It's a blistering-hot July in Chicago and the cacophony of sounds in the city has reached a crescendo. In addition to the everyday sounds of the city—sirens, the clanking of the El, car horns—summer brings fireworks on the 4th, the booming music of Lollapalooza, and the screech of jets at the Air & Water Show. Loud noises startle and then are forgotten, but when I walk through Roy Lichtenstein: A Retrospective I enjoy how the artist, drawing on the visual language of comics we've discussed before, captures the very moment a loud sound bursts forth.
Varoom! (1963), one of several "Explosions" on display, uses Lichtenstein's signature primary colors against a subdued dotted background to visually communicate the explosive force of one millisecond in time. Specs of black and white crackle, disrupting the quiet monotony of the black-and-white background. The text that lends itself to the title of the painting—"VAROOM!"—is in big, eye-catching block letters that are jumbled by the jarring event taking place.
Lichtenstein created Explosions around the same time he was painting his now-famous War and Romance series. Even though both draw from comic books, the Explosions focus on the details rather than the narrative.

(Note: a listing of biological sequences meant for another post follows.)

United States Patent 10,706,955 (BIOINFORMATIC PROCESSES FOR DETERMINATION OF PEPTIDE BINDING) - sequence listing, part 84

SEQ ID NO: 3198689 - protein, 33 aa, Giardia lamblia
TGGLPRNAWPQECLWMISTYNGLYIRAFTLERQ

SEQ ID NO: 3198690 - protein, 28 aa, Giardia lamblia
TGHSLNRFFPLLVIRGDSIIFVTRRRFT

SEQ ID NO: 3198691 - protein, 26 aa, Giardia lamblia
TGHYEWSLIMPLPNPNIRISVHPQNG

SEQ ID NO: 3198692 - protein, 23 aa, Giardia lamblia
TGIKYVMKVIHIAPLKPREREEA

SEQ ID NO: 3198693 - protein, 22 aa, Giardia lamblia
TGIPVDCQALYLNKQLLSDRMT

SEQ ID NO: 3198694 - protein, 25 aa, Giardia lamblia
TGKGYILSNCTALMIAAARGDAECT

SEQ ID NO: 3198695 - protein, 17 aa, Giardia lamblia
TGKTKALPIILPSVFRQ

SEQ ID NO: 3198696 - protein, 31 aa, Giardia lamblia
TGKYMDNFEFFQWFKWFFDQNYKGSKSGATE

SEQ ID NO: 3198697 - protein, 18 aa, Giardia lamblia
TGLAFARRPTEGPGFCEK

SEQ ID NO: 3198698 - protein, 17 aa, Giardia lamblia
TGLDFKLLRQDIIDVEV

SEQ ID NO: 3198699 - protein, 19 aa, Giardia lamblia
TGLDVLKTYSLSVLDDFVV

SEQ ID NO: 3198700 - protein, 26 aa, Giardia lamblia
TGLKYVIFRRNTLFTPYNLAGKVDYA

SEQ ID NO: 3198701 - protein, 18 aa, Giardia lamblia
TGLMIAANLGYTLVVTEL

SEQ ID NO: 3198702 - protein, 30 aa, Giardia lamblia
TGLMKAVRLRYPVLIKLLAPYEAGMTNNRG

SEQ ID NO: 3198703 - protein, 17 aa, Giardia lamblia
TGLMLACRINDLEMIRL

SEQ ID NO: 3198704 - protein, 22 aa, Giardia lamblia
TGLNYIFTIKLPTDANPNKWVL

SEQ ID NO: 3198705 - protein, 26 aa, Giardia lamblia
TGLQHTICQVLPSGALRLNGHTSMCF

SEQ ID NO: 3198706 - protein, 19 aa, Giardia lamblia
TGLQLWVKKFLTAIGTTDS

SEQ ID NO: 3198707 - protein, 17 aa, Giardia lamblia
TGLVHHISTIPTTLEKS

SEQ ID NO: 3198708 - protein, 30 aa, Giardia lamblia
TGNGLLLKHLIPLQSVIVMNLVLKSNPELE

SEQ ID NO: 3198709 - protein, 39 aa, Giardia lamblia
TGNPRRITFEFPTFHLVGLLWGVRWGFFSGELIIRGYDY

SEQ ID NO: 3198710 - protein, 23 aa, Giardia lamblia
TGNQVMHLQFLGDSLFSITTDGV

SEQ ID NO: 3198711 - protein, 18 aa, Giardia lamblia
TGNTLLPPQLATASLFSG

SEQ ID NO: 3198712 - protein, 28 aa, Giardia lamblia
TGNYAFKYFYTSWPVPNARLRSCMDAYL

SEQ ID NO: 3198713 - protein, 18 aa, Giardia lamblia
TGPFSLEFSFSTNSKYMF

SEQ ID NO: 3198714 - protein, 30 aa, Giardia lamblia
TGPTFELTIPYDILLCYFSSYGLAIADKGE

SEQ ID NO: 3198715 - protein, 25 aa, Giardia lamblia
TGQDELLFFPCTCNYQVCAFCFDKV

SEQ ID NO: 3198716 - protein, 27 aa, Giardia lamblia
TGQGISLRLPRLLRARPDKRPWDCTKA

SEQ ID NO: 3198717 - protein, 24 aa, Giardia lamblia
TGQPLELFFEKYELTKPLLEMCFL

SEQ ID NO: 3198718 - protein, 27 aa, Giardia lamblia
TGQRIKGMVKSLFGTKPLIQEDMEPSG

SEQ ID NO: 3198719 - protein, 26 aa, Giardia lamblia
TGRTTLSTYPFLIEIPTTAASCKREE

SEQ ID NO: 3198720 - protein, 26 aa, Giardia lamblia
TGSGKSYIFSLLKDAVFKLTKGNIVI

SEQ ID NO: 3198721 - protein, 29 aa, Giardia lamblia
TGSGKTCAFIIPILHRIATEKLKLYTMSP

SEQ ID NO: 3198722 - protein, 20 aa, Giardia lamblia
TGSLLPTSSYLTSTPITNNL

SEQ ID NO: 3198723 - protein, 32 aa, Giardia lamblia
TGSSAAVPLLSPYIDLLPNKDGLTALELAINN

Varoom! and the many other works on display are hot with action and drama, but lucky for us they can currently be enjoyed in our cool, quiet, contemplative galleries.
1 day 18 hours ago The Art Institute of Chicago OPENING TOMORROW—Jacques-Louis David’s "Napoleon"
French painter Jacques-Louis David created the quintessential image of Napoleon in 1812 and this rare loan provides occasion to highlight related works in the Art Institute's own collection as well as an interactive digital reconstruction of the artist's sketchbook
2 days 15 hours ago The Art Institute of Chicago #TBT 1924: An old favorite—The Art Institute included German Shepherds as part of our crackerjack security team from the 1920s until the 1940s. Here we see guard dogs Billo and Bella posing with their handler, along with a few paintings by Pierre-Auguste Renoir.